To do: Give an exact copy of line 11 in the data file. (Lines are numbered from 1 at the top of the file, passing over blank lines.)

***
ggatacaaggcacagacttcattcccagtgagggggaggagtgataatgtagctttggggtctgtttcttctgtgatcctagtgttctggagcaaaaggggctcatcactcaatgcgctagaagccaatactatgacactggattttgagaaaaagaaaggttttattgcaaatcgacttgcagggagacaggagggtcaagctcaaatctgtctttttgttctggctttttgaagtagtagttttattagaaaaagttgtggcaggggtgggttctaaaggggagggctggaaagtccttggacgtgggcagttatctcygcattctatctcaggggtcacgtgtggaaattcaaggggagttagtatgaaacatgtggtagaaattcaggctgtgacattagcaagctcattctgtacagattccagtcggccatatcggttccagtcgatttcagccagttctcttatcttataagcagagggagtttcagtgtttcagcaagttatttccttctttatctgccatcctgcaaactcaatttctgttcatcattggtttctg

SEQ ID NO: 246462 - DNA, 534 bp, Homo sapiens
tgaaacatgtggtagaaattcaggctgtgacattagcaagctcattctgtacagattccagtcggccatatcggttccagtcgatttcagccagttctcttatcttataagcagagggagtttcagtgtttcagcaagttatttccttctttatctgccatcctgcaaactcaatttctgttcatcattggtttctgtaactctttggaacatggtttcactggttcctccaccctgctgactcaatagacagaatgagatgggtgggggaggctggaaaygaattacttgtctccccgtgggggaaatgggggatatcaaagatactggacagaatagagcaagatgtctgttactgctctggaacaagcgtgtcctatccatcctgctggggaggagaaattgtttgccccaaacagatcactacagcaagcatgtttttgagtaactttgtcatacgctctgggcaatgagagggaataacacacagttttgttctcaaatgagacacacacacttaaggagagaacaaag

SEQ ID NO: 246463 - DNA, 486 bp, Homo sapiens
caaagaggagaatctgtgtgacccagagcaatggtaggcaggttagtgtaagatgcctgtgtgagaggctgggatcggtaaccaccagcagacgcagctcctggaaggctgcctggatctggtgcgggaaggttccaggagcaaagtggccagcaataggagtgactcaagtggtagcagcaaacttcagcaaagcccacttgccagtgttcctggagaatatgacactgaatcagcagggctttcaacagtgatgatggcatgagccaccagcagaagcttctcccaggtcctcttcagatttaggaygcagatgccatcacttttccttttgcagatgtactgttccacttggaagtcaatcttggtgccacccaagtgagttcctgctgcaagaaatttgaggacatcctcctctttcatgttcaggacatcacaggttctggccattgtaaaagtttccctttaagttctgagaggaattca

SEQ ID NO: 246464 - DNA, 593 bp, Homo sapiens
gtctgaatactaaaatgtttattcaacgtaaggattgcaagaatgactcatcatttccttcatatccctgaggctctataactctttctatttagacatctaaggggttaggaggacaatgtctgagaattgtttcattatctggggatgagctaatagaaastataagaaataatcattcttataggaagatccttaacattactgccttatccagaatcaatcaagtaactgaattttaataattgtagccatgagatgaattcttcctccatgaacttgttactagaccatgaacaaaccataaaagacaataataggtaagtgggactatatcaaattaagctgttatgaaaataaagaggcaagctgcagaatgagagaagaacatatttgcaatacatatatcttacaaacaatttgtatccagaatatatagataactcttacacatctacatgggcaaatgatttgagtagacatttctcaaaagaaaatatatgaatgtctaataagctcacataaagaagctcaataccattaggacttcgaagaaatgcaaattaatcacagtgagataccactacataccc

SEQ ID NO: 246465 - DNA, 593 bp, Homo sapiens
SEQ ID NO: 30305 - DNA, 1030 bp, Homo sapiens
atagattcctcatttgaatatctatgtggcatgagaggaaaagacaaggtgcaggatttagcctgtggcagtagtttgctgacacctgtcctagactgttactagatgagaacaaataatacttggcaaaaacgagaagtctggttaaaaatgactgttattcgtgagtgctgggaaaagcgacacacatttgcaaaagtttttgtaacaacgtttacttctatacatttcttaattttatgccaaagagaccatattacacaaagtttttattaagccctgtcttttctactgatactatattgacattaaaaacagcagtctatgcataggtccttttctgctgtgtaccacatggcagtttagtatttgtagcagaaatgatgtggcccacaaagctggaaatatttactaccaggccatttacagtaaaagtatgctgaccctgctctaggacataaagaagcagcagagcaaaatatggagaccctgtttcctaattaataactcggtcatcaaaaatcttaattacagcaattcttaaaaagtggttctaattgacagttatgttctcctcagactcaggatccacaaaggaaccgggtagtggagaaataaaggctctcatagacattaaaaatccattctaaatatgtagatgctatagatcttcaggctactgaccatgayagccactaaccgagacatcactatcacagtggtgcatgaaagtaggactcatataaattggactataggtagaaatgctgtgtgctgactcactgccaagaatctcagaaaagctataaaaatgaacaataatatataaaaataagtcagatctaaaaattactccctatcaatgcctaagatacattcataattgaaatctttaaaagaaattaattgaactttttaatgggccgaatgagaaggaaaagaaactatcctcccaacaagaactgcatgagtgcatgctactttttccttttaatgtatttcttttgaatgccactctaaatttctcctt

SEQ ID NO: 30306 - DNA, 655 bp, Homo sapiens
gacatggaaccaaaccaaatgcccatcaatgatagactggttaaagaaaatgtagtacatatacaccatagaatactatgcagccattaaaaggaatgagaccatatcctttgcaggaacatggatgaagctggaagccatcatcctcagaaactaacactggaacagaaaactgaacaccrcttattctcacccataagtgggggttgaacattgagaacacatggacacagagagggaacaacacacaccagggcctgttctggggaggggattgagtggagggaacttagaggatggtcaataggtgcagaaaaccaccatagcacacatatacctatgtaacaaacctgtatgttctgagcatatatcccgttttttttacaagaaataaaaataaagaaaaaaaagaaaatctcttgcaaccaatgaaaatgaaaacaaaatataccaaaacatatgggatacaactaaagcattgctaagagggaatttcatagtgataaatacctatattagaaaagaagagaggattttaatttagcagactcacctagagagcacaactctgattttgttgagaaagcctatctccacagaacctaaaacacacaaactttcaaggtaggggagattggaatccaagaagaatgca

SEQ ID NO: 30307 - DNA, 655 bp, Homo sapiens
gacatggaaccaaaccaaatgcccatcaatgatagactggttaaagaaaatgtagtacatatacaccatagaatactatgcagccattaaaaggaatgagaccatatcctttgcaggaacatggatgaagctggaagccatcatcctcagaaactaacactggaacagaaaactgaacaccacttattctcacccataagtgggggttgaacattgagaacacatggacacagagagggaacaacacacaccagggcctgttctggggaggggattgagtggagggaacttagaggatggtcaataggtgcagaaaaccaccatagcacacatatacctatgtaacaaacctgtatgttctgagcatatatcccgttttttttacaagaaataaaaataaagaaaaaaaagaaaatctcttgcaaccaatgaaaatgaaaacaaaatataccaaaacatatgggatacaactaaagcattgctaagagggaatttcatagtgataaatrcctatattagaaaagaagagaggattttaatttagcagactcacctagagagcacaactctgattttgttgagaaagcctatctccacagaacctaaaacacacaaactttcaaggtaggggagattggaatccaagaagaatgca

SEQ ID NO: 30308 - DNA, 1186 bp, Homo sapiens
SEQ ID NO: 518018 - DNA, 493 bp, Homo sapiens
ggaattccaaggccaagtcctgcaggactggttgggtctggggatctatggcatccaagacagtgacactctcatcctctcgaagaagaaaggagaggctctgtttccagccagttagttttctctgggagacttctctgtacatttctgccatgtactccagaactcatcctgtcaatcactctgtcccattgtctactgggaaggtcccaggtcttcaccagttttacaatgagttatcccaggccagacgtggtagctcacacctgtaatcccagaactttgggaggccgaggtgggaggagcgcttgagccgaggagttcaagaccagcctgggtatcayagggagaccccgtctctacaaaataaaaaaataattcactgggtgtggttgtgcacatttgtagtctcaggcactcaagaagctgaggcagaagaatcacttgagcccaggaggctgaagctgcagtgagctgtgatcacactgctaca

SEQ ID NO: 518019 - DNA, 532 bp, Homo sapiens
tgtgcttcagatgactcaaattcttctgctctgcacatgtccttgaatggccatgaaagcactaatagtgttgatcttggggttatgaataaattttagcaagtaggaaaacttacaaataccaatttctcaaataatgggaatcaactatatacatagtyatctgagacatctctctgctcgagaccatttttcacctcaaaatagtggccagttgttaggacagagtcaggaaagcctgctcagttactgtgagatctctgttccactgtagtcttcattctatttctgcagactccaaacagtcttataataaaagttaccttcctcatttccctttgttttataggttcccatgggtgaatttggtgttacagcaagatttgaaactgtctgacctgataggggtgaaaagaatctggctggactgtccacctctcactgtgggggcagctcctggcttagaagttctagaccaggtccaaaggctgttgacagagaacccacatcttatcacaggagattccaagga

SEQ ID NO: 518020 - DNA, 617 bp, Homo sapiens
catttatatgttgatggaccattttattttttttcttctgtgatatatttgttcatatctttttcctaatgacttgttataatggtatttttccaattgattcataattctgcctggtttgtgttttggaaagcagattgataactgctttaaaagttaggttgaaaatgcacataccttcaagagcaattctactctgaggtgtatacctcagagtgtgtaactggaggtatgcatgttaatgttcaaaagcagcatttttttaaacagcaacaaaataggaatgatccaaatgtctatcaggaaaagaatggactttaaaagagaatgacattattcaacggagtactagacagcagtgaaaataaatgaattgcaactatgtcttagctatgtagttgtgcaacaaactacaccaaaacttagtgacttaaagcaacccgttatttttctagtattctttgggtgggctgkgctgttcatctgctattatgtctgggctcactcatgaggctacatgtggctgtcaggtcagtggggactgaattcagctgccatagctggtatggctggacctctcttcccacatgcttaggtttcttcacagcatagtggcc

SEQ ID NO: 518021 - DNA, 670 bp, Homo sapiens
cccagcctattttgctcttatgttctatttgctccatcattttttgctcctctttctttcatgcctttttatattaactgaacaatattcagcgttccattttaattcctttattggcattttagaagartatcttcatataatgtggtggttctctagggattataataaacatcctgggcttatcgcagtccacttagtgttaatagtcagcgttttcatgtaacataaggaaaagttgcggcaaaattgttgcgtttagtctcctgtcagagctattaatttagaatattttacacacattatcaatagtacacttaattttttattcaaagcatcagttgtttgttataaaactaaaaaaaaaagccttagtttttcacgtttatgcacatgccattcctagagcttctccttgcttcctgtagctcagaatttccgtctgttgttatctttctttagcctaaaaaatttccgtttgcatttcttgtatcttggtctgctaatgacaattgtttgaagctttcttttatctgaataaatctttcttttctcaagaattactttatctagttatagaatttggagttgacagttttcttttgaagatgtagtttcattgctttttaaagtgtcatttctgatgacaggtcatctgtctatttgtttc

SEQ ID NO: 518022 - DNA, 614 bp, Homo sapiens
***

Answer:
SEQ ID NO: 30306 - DNA, 655 bp, Homo sapiens